They are scientists, inventors, teachers, technicians, maintainers, weapons experts. They help run our schools, our test ranges, our installations and our commissaries. And like them, I'm committed every day to do what is necessary to support our soldiers -- as individuals, and as an Army, to do what is asked of them -- because much is and much will be.
That means resilient soldiers who are fully trained and properly equipped.
To ensure they are resilient, we must redouble our efforts to eliminate sexual assault and suicide. We must ensure that everyone has access to behavioral health services, and that we eliminate the stigma attached with seeking help -- a sign of strength, not of weakness. And they must know we are taking care of their families when they are away from home.
We must make sure they are trained for the full range of contingencies, not just the kind of fighting we have seen in Iraq and Afghanistan. That means the kind of large scale, integrated, decisive action training that I witnessed in Poland last week.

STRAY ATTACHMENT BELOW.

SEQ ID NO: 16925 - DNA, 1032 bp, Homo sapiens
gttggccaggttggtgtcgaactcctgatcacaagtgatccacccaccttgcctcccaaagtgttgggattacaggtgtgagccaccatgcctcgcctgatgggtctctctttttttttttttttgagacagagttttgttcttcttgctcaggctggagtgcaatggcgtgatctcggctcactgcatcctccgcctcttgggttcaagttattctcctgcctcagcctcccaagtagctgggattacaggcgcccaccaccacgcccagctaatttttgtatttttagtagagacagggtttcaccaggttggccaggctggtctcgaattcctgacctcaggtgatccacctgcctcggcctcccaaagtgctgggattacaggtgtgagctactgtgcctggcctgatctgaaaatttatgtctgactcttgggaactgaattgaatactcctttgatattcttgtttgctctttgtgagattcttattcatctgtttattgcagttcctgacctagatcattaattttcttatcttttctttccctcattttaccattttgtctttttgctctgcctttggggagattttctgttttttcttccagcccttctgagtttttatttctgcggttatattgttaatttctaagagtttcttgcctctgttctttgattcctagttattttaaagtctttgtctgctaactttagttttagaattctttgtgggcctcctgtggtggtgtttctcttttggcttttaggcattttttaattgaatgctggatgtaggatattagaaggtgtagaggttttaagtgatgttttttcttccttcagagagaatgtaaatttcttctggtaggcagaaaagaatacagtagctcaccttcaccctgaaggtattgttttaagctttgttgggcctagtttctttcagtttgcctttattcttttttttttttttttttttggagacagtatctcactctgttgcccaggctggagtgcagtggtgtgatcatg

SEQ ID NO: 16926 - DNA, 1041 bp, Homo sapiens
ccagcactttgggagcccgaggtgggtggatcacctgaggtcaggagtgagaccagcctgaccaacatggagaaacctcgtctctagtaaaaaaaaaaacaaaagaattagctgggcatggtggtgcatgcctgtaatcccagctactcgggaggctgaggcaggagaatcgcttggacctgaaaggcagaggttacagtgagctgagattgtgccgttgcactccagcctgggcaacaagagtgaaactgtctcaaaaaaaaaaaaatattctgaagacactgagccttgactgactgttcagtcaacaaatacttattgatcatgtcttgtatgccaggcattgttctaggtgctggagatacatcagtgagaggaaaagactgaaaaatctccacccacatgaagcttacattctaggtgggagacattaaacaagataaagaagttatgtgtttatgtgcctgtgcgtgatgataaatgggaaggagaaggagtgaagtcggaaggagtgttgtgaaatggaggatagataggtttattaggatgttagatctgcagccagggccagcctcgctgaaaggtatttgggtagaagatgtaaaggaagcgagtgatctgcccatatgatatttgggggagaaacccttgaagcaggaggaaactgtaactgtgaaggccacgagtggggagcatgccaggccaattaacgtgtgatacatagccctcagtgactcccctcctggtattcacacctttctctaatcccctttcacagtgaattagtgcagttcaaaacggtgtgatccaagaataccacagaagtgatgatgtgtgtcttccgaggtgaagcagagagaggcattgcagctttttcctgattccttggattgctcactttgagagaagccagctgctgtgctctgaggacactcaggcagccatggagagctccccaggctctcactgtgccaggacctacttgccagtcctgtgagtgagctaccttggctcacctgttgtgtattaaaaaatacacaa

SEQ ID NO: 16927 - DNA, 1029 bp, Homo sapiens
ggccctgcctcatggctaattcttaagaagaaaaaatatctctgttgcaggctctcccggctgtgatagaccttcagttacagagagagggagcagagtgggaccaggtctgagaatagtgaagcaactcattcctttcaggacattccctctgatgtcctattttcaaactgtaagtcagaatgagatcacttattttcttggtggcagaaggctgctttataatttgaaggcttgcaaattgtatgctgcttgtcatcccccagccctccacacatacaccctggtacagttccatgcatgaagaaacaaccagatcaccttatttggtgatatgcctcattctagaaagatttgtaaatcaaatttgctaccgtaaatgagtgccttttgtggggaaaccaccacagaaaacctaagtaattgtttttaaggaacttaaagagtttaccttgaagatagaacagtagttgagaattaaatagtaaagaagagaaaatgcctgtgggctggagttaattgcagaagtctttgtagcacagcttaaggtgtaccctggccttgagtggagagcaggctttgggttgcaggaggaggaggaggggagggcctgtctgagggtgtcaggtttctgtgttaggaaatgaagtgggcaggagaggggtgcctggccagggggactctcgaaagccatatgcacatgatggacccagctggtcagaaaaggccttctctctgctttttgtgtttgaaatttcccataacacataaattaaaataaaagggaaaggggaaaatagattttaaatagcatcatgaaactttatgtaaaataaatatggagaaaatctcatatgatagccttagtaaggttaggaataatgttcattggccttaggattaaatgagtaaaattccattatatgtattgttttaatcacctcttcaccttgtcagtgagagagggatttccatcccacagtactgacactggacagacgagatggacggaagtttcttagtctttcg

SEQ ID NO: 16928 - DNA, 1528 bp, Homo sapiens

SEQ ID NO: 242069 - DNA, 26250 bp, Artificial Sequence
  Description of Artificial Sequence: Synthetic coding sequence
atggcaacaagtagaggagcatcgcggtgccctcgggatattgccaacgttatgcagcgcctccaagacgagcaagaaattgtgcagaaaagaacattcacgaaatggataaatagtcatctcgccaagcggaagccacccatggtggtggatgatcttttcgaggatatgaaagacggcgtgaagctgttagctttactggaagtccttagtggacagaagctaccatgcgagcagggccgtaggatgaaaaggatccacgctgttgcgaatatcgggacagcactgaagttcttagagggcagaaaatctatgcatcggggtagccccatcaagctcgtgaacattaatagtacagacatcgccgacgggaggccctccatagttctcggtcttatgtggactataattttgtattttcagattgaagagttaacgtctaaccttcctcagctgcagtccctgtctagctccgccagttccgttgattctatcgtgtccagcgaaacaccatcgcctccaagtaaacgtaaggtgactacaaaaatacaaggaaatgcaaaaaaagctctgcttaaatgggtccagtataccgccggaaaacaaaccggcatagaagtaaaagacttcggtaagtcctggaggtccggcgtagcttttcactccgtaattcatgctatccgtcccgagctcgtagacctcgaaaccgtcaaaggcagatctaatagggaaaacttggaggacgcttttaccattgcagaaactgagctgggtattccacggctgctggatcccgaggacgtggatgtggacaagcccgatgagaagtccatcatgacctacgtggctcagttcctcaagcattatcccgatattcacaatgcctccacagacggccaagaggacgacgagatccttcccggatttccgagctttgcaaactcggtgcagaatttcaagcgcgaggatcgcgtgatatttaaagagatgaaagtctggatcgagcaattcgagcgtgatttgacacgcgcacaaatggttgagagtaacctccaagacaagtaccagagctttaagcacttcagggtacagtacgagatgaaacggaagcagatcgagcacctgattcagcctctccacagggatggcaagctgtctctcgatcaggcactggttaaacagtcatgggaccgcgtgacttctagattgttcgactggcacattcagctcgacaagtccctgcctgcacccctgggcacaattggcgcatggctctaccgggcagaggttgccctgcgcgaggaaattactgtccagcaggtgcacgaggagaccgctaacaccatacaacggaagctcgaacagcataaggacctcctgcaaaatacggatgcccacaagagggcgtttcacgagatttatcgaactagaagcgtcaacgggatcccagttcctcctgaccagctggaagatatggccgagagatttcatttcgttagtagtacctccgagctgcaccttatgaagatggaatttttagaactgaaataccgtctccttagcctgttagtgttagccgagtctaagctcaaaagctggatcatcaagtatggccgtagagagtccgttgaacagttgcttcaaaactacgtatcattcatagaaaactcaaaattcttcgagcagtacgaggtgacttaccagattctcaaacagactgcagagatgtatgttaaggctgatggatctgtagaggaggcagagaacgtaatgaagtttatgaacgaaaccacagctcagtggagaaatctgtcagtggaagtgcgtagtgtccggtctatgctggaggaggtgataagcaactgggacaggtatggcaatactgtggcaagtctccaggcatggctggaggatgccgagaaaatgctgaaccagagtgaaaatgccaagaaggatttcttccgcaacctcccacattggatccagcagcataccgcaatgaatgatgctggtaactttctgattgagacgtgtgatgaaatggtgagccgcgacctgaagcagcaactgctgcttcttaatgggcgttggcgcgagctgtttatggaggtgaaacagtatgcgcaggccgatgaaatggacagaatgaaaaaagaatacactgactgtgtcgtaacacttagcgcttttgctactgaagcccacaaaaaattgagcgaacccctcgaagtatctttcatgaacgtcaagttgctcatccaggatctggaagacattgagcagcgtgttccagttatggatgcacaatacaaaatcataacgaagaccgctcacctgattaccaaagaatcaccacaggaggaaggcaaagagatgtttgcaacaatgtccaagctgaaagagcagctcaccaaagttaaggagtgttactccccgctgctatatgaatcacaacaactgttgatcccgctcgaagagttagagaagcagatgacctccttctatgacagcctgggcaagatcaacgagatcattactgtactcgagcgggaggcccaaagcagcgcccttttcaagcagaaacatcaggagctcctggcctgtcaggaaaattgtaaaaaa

And to make sure they are equipped in a way that always maintains a decisive advantage over any adversary, we must work to get capability to them more rapidly, and as efficiently as possible. We must find more ways to cut time and money out of our acquisitions processes, to better serve our soldiers, to be better stewards of taxpayer money, and to streamline the system for the many talented Army civilians who slog through the processes we put in their way. And we must find a way to better harness the innovation taking place outside the Department of Defense. As Secretary Carter has said, "the race now depends on who can out-innovate faster than anyone else."
Finally, we must continue to open up opportunities for those who meet the standards, but were previously denied the opportunity to serve. By leveraging diversity and creating an inclusive environment in which all our valued, we engender opportunities for people to be part of the greatest mission there is: Defending our nation's security. This is actually something the military does very successfully.
We rely on those diverse backgrounds, perspectives, and expertise to train, fight and win in a complex security environment. And if we don't embrace diversity and inclusion, if we don't live our Army Values and treat each other with dignity and respect, we threaten the very readiness that we are prioritizing.
Not many people know what an Army Secretary does. I've been asked if I wear a uniform. If I'm a general. How many words a minute I type. But my answer is always the same -- it's the best job in the world.
Thank you all for being here.
Go Army. Beat Navy.